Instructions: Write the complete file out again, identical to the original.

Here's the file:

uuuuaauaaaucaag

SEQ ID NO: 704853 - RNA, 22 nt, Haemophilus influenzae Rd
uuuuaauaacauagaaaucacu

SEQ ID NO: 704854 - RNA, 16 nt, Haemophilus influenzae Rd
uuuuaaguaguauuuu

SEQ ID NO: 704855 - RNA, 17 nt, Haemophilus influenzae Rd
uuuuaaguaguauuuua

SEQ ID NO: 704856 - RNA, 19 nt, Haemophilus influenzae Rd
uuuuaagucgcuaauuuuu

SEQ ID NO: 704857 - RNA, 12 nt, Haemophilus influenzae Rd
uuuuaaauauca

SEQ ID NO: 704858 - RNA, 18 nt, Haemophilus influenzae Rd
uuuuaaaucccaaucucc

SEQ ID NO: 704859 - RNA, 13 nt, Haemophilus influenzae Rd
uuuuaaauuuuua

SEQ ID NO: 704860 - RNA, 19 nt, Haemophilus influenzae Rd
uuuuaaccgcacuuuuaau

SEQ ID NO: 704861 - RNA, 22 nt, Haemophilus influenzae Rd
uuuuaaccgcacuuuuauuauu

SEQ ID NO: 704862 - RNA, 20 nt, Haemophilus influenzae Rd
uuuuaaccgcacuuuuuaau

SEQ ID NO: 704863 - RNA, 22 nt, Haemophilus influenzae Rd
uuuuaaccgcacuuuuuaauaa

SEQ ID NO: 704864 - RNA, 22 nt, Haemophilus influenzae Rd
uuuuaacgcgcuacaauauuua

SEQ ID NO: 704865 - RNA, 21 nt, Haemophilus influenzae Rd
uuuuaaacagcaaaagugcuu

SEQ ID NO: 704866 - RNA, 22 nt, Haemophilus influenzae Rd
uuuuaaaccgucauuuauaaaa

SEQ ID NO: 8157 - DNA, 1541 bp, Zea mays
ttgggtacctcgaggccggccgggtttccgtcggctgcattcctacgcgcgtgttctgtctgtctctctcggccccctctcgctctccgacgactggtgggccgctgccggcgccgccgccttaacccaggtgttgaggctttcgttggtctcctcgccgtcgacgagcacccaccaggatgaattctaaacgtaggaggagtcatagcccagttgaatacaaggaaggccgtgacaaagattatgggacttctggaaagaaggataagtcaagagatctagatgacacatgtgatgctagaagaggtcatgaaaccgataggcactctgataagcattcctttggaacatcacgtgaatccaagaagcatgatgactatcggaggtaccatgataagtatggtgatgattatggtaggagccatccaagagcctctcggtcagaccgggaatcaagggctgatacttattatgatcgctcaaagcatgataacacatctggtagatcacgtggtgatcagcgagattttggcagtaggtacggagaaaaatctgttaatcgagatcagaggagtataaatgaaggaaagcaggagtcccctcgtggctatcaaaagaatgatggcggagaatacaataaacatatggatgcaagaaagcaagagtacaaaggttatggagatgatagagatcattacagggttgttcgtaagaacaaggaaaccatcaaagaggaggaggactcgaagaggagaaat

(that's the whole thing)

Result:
uuuuaauaaaucaag

SEQ ID NO: 704853 - RNA, 22 nt, Haemophilus influenzae Rd
uuuuaauaacauagaaaucacu

SEQ ID NO: 704854 - RNA, 16 nt, Haemophilus influenzae Rd
uuuuaaguaguauuuu

SEQ ID NO: 704855 - RNA, 17 nt, Haemophilus influenzae Rd
uuuuaaguaguauuuua

SEQ ID NO: 704856 - RNA, 19 nt, Haemophilus influenzae Rd
uuuuaagucgcuaauuuuu

SEQ ID NO: 704857 - RNA, 12 nt, Haemophilus influenzae Rd
uuuuaaauauca

SEQ ID NO: 704858 - RNA, 18 nt, Haemophilus influenzae Rd
uuuuaaaucccaaucucc

SEQ ID NO: 704859 - RNA, 13 nt, Haemophilus influenzae Rd
uuuuaaauuuuua

SEQ ID NO: 704860 - RNA, 19 nt, Haemophilus influenzae Rd
uuuuaaccgcacuuuuaau

SEQ ID NO: 704861 - RNA, 22 nt, Haemophilus influenzae Rd
uuuuaaccgcacuuuuauuauu

SEQ ID NO: 704862 - RNA, 20 nt, Haemophilus influenzae Rd
uuuuaaccgcacuuuuuaau

SEQ ID NO: 704863 - RNA, 22 nt, Haemophilus influenzae Rd
uuuuaaccgcacuuuuuaauaa

SEQ ID NO: 704864 - RNA, 22 nt, Haemophilus influenzae Rd
uuuuaacgcgcuacaauauuua

SEQ ID NO: 704865 - RNA, 21 nt, Haemophilus influenzae Rd
uuuuaaacagcaaaagugcuu

SEQ ID NO: 704866 - RNA, 22 nt, Haemophilus influenzae Rd
uuuuaaaccgucauuuauaaaa

SEQ ID NO: 8157 - DNA, 1541 bp, Zea mays
ttgggtacctcgaggccggccgggtttccgtcggctgcattcctacgcgcgtgttctgtctgtctctctcggccccctctcgctctccgacgactggtgggccgctgccggcgccgccgccttaacccaggtgttgaggctttcgttggtctcctcgccgtcgacgagcacccaccaggatgaattctaaacgtaggaggagtcatagcccagttgaatacaaggaaggccgtgacaaagattatgggacttctggaaagaaggataagtcaagagatctagatgacacatgtgatgctagaagaggtcatgaaaccgataggcactctgataagcattcctttggaacatcacgtgaatccaagaagcatgatgactatcggaggtaccatgataagtatggtgatgattatggtaggagccatccaagagcctctcggtcagaccgggaatcaagggctgatacttattatgatcgctcaaagcatgataacacatctggtagatcacgtggtgatcagcgagattttggcagtaggtacggagaaaaatctgttaatcgagatcagaggagtataaatgaaggaaagcaggagtcccctcgtggctatcaaaagaatgatggcggagaatacaataaacatatggatgcaagaaagcaagagtacaaaggttatggagatgatagagatcattacagggttgttcgtaagaacaaggaaaccatcaaagaggaggaggactcgaagaggagaaat